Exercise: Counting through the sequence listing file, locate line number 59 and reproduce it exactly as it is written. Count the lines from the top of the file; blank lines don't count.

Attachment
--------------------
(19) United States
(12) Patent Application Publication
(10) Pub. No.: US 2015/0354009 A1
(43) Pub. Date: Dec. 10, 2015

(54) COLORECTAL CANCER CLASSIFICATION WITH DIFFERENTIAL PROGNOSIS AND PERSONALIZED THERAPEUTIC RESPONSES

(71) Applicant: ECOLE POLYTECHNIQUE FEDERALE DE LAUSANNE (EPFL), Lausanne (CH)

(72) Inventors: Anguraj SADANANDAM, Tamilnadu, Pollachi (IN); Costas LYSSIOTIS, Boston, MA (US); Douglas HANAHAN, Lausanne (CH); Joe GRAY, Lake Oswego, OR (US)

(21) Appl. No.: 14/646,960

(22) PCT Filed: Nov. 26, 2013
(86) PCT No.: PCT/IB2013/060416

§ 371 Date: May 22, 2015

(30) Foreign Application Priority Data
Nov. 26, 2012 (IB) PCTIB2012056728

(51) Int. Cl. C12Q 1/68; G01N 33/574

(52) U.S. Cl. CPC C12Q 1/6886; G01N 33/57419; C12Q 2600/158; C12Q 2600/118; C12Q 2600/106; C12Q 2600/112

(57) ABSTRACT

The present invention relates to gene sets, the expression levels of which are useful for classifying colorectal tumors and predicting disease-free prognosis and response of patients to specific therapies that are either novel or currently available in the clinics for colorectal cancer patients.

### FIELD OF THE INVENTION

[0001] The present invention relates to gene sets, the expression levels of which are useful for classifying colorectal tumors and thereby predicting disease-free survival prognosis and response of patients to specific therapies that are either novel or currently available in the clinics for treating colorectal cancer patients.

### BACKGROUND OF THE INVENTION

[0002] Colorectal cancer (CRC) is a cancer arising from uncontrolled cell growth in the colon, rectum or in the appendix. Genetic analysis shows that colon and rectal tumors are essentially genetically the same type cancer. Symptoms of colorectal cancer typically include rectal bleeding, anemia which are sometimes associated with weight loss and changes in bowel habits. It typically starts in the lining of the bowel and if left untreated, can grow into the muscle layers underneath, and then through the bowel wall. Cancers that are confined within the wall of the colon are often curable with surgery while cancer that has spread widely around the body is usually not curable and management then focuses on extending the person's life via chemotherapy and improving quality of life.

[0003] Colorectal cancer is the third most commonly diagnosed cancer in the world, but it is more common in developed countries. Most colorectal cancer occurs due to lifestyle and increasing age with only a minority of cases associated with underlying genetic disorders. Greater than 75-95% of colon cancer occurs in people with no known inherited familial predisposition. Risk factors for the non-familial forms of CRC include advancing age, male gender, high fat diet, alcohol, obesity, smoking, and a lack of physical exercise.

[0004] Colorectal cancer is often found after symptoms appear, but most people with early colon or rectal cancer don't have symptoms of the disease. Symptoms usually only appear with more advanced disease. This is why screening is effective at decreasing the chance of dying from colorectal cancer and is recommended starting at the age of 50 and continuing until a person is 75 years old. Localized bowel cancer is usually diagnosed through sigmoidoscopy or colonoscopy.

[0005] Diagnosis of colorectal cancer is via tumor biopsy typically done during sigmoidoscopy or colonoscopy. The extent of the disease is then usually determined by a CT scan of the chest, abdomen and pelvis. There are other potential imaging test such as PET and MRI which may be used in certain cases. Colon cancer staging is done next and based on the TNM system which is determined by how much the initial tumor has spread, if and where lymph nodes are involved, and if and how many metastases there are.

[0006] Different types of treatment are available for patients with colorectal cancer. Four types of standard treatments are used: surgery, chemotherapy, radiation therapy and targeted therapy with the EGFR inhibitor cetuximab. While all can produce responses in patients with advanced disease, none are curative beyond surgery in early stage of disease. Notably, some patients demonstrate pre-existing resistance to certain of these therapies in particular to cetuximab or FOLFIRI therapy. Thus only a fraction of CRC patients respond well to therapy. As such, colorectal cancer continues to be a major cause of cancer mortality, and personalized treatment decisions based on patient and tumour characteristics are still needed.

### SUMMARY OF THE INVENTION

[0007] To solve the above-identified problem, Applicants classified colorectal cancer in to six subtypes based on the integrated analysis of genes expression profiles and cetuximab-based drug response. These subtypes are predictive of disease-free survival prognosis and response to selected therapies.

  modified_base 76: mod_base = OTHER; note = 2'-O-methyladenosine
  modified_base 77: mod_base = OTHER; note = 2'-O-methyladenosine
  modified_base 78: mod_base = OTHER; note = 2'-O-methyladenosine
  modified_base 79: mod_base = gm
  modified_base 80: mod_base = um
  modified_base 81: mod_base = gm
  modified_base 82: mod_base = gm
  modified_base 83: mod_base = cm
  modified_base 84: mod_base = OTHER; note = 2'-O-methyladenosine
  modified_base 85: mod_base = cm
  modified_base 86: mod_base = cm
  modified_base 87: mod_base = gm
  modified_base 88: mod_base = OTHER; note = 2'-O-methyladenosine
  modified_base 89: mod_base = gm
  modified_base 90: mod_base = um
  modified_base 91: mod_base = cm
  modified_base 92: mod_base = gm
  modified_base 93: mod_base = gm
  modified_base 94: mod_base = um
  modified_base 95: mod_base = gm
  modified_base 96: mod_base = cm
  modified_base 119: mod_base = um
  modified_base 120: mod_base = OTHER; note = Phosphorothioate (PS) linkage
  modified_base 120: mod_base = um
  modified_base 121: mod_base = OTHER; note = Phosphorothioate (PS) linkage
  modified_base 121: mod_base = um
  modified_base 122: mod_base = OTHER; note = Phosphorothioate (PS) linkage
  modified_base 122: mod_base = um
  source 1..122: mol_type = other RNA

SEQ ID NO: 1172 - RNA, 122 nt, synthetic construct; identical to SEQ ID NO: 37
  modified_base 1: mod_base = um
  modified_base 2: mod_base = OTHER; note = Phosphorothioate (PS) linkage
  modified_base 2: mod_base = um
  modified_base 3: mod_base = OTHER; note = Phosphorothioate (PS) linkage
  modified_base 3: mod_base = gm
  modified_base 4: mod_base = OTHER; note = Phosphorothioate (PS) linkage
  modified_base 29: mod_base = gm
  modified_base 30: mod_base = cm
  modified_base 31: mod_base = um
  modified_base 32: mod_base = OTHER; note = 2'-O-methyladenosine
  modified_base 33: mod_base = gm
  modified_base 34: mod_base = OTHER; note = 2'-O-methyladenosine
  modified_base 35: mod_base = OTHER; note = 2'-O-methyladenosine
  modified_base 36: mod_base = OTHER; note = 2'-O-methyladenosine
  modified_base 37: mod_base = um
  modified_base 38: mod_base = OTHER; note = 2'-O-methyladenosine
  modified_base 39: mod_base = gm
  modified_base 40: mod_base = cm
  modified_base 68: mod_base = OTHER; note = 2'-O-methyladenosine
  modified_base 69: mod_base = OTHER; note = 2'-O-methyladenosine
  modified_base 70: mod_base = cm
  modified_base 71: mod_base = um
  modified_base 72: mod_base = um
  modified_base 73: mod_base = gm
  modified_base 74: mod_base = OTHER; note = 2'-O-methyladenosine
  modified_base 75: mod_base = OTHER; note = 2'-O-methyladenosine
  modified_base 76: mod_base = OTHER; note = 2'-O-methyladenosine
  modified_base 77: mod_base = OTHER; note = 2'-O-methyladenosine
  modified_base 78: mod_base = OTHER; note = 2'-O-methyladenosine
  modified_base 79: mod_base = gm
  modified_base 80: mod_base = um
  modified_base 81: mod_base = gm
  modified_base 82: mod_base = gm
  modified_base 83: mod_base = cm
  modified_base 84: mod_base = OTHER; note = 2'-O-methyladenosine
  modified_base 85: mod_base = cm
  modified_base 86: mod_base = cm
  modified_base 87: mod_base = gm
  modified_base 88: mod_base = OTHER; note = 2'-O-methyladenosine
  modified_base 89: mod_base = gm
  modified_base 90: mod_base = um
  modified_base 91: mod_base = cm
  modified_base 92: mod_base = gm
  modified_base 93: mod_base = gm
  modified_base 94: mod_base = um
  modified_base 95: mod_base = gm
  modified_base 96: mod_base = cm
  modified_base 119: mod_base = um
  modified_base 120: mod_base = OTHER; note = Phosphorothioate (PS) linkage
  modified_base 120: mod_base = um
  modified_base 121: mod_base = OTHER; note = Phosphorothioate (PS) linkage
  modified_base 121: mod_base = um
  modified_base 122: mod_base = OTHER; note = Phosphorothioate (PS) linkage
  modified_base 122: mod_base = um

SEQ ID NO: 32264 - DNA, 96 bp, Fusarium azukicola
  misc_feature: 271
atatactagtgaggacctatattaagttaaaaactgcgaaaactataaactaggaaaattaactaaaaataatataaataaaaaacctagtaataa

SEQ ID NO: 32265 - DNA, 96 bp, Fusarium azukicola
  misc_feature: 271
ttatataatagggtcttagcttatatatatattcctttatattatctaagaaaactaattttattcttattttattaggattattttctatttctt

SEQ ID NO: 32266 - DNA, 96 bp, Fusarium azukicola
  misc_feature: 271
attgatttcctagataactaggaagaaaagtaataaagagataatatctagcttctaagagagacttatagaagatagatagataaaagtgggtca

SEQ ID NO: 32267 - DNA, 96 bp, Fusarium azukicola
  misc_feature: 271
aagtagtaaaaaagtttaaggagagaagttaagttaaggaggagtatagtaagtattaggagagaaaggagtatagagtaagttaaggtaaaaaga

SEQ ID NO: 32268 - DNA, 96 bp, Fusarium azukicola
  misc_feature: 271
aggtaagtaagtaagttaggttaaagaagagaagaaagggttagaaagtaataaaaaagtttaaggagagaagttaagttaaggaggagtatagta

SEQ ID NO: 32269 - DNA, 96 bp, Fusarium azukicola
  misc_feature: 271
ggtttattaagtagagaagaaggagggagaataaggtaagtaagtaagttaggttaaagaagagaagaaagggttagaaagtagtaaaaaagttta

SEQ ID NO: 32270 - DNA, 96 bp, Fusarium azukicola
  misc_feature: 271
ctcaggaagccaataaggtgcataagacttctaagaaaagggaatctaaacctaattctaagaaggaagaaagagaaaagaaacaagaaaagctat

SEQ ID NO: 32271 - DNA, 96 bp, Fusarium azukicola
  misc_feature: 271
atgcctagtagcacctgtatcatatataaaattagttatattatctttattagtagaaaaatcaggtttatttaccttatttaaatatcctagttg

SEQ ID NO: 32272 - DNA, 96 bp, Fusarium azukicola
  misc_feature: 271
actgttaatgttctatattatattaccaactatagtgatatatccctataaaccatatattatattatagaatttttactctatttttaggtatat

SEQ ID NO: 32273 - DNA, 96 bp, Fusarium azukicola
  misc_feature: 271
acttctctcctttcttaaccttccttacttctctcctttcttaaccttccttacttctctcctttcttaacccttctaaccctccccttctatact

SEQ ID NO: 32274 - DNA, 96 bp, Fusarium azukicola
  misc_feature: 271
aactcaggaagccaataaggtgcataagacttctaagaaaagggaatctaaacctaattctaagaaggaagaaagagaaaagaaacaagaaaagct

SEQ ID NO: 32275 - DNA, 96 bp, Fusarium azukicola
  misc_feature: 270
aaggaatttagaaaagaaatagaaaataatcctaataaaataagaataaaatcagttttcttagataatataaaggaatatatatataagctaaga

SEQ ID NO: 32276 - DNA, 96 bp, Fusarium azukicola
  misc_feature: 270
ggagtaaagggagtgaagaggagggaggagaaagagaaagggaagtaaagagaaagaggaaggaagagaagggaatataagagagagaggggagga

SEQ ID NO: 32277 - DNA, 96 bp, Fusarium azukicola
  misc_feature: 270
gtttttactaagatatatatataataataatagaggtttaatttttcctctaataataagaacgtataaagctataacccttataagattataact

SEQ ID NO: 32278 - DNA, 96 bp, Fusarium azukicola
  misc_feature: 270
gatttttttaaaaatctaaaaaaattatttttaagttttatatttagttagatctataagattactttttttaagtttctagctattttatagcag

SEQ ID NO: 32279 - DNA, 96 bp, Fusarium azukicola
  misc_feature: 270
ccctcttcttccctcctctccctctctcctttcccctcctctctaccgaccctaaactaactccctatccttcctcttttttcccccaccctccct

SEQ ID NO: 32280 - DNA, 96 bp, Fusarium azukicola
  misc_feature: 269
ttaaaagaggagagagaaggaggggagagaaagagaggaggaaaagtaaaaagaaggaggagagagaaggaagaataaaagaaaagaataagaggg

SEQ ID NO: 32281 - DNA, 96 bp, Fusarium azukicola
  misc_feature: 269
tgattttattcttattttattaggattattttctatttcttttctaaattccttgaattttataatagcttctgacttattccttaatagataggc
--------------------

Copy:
  modified_base 2: mod_base = OTHER; note = Phosphorothioate (PS) linkage